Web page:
The Screen Actors Guild – American Federation of Television and Radio Artists (SAG-AFTRA) have asked its members to vote on a strike authorization on the heels of negotiations with entertainment studios.
SAG-AFTRA will begin negotiations with The Alliance of Motion Picture and Television Producers (AMPTP) on June 7, calling it the “most consequential bargaining sessions in history.”
“To show our resolve and to enter into negotiations from the strongest position possible, your negotiating committee and National Board unanimously join in asking you to vote YES and authorize a strike,” SAG-AFTRA said in a letter addressed to its members. “This does not mean that a strike will occur; it simply allows the National Board to call a strike if an agreement cannot be reached — and that gives the negotiating committee a strong place from which to begin talks.”
AMPTP represents several major studios that include Amazon/MGM, Apple, NBCUniversal, Disney/ABC/Fox, Netflix, Paramount/CBS, Sony and Warner Brothers.
A primary focus during the bargaining will be the use of AI by these studios, a point that drove the Writers Guild of America (WGA) to strike in early May. The WGA was also negotiating with AMPTP, asking for greater job security for its writers at a time where AI use is catching fire.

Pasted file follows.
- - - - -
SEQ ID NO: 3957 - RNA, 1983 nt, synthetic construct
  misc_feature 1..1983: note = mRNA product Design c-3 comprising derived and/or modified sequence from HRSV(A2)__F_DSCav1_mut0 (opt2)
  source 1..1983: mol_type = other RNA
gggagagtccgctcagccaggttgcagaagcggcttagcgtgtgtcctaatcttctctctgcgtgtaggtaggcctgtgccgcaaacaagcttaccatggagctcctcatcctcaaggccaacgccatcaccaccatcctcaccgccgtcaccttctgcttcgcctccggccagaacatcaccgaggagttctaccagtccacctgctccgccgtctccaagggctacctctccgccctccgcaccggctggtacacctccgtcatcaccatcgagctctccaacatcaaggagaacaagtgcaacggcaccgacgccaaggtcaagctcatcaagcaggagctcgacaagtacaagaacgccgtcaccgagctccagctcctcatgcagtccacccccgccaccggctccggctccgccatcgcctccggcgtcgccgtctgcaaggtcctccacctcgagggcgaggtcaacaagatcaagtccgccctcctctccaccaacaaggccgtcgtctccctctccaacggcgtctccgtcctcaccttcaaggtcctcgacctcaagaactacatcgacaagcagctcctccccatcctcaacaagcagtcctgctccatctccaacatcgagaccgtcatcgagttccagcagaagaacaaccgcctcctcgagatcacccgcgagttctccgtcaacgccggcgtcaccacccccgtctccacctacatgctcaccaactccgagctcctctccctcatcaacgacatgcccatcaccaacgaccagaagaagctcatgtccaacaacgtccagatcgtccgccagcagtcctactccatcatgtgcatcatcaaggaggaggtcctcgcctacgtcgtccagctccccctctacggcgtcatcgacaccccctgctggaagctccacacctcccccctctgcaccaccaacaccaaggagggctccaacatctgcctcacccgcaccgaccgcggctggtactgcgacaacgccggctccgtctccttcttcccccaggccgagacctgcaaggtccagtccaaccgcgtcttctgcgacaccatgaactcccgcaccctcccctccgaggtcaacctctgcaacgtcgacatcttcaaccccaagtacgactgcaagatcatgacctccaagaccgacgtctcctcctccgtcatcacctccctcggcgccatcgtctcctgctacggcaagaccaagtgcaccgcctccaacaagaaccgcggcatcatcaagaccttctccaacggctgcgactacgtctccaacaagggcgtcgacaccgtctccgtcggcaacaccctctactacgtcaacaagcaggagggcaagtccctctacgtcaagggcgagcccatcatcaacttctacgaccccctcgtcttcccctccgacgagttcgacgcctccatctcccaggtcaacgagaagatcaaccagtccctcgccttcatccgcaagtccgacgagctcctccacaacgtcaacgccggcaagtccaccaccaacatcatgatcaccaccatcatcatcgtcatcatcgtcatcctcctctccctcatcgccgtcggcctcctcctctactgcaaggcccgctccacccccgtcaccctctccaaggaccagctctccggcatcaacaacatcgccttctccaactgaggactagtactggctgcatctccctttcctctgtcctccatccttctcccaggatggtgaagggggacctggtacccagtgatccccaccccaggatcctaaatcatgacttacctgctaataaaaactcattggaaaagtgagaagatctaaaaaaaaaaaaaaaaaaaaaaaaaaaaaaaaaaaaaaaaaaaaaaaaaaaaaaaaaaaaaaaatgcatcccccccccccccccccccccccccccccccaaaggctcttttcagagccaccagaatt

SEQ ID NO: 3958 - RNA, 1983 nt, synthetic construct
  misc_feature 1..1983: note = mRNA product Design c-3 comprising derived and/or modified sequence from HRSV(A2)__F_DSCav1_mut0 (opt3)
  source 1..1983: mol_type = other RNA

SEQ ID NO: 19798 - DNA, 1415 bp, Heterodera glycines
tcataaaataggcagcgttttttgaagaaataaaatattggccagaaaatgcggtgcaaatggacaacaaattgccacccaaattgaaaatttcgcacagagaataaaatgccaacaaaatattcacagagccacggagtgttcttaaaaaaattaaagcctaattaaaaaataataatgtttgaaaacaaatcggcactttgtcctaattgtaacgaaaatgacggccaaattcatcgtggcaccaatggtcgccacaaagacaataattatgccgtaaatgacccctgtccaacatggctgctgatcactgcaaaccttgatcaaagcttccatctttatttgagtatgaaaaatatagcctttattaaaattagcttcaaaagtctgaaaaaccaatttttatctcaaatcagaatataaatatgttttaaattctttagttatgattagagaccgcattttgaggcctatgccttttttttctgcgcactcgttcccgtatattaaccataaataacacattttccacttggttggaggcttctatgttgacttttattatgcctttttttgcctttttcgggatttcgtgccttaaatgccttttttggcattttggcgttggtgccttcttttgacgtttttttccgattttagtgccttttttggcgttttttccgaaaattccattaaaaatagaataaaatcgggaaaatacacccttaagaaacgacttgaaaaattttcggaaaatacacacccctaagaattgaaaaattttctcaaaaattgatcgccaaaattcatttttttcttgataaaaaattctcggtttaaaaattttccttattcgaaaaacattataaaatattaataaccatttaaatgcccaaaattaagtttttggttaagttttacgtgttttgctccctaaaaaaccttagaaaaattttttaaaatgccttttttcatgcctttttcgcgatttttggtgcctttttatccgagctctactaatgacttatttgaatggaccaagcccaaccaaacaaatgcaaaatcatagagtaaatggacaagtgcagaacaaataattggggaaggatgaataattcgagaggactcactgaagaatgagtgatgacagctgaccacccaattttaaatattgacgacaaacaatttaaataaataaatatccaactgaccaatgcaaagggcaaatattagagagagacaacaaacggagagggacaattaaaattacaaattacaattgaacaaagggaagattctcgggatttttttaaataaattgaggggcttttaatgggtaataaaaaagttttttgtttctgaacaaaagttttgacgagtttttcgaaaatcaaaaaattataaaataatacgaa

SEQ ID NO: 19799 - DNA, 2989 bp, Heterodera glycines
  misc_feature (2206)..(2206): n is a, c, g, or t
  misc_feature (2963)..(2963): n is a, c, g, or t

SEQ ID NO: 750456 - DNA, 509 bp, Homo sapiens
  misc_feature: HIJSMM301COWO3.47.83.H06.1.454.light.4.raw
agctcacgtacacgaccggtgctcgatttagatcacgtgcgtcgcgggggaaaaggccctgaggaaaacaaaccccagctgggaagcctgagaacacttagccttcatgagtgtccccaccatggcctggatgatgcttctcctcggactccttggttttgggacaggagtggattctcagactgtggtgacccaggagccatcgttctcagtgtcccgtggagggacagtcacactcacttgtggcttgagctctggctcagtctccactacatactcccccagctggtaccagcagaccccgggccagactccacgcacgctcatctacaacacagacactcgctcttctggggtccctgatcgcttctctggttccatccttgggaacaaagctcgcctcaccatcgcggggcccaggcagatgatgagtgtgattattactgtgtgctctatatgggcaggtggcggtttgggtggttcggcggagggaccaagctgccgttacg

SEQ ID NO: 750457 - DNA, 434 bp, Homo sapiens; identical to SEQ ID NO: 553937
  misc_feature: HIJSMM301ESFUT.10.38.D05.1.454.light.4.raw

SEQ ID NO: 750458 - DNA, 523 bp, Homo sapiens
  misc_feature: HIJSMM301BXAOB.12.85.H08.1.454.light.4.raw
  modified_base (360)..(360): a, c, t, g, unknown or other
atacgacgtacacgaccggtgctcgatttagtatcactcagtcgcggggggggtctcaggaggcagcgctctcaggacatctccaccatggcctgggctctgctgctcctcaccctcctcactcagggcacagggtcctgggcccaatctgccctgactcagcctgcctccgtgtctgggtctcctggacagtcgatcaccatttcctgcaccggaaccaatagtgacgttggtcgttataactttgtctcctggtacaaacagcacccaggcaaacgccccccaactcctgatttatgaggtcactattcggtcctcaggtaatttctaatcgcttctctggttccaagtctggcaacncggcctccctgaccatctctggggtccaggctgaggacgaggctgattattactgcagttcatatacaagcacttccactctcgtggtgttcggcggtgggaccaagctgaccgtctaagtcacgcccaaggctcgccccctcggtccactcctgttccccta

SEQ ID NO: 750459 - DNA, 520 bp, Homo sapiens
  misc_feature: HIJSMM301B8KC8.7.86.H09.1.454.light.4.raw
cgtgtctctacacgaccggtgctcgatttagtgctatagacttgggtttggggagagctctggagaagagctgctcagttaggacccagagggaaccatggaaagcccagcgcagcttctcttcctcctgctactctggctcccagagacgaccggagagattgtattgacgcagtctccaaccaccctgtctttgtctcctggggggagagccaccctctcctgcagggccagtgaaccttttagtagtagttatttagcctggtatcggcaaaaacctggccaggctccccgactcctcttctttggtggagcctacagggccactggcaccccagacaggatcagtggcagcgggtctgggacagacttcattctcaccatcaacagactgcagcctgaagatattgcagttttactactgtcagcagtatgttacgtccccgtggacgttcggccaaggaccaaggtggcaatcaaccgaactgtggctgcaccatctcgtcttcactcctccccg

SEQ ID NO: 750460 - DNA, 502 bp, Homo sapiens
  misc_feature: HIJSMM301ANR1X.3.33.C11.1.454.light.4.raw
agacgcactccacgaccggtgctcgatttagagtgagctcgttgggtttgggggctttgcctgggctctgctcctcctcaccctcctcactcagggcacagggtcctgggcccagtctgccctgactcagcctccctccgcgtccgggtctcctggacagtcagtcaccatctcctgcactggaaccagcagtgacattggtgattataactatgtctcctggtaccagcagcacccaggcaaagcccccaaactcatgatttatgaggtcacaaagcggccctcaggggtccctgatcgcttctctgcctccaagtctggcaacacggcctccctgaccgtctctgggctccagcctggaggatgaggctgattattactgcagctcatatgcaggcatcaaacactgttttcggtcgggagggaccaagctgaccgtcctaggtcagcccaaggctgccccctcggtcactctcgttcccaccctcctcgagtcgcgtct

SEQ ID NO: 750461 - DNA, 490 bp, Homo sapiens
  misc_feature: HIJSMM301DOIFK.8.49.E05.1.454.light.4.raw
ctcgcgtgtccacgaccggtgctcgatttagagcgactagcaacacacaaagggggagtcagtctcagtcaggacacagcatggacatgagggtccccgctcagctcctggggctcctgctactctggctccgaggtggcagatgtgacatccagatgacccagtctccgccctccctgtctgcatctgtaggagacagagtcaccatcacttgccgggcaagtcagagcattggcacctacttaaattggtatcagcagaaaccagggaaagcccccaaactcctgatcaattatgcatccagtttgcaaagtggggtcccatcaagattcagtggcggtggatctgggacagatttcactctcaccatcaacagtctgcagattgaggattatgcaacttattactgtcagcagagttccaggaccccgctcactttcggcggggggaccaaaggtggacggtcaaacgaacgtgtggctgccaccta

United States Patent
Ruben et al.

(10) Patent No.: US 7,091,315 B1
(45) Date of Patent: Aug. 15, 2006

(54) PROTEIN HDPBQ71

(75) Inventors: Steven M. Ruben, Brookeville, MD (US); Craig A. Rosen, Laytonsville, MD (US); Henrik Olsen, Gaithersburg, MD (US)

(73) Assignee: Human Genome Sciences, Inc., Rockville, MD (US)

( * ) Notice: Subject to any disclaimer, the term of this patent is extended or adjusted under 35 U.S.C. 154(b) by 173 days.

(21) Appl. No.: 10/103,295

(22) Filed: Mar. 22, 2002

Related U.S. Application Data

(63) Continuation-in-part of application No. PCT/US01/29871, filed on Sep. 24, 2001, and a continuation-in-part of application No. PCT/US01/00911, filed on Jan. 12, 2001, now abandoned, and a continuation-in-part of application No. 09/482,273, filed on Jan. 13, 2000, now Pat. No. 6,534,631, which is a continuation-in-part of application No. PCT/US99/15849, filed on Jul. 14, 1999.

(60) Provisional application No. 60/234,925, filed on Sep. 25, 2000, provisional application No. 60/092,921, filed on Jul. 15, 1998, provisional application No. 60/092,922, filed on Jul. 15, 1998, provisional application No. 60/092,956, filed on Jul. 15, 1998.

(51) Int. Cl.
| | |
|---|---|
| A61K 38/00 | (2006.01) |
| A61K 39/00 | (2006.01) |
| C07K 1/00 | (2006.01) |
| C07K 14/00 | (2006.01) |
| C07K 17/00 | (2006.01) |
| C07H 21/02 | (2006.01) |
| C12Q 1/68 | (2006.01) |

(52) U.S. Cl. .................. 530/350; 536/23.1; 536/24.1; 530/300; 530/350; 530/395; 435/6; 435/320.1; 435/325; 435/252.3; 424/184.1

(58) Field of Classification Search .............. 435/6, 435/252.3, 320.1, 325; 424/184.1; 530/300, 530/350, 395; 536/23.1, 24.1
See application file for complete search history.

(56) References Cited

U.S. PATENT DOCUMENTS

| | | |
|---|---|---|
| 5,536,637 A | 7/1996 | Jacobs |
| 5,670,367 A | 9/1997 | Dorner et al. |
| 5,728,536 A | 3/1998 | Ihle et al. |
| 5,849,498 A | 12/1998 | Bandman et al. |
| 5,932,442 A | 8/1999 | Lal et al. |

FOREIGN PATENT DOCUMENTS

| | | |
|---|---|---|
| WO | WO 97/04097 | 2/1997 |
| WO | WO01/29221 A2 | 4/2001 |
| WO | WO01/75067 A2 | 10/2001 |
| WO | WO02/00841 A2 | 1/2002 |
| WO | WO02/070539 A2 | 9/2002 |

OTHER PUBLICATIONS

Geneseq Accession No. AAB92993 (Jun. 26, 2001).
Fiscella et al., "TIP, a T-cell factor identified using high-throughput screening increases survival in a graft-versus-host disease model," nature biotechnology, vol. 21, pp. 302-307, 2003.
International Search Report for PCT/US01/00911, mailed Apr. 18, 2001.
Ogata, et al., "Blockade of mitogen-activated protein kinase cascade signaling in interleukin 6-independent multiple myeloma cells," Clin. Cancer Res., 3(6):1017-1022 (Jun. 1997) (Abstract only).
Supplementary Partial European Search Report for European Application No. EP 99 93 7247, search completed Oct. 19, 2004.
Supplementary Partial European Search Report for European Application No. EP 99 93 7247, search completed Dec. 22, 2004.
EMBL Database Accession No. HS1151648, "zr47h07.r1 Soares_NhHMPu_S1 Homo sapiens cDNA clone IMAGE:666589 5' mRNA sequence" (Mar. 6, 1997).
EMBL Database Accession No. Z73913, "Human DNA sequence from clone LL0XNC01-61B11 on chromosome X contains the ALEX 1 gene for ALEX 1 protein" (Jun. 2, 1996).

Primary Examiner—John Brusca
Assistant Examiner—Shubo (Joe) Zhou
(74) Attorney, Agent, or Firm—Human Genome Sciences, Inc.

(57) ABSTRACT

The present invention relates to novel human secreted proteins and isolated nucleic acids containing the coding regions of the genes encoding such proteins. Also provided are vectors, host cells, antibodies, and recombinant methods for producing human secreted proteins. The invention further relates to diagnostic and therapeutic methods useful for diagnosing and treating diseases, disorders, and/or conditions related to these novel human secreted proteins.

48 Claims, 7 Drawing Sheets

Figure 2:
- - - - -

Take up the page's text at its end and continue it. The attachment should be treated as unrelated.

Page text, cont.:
Now SAG-AFTRA will attempt to secure the terms for AI use in terms of how it may affect actors.
“There has been a sea change in the entertainment industry, from the proliferation of streaming platforms to the recent explosion of generative AI, and at stake is the ability of our members to make a living,” the SAG-AFTRA letter said. “We must ensure that new developments in the entertainment industry are not used to devalue or disrespect the performers who bring productions to life.”
This is not the first time SAG-AFTRA has asked its members to vote for strike authorization prior to bargaining, doing so in 2018, before reaching contract terms two months later.
The authorization itself does not mean a strike will occur, but gives SAG-AFTRA the option, should new contract terms not be reached by June 30, when contracts end.
“The prospect of a strike is not a first option, but a last resort,” former star of The Nanny and SAG-AFTRA President Fran Drescher said in a statement Thursday. “… I implore eligible members to follow the leads of both the negotiating committee and the National Board with an unprecedented show of solidarity and make three a charm with an emphatic ‘yes’ for a strike authorization vote!”
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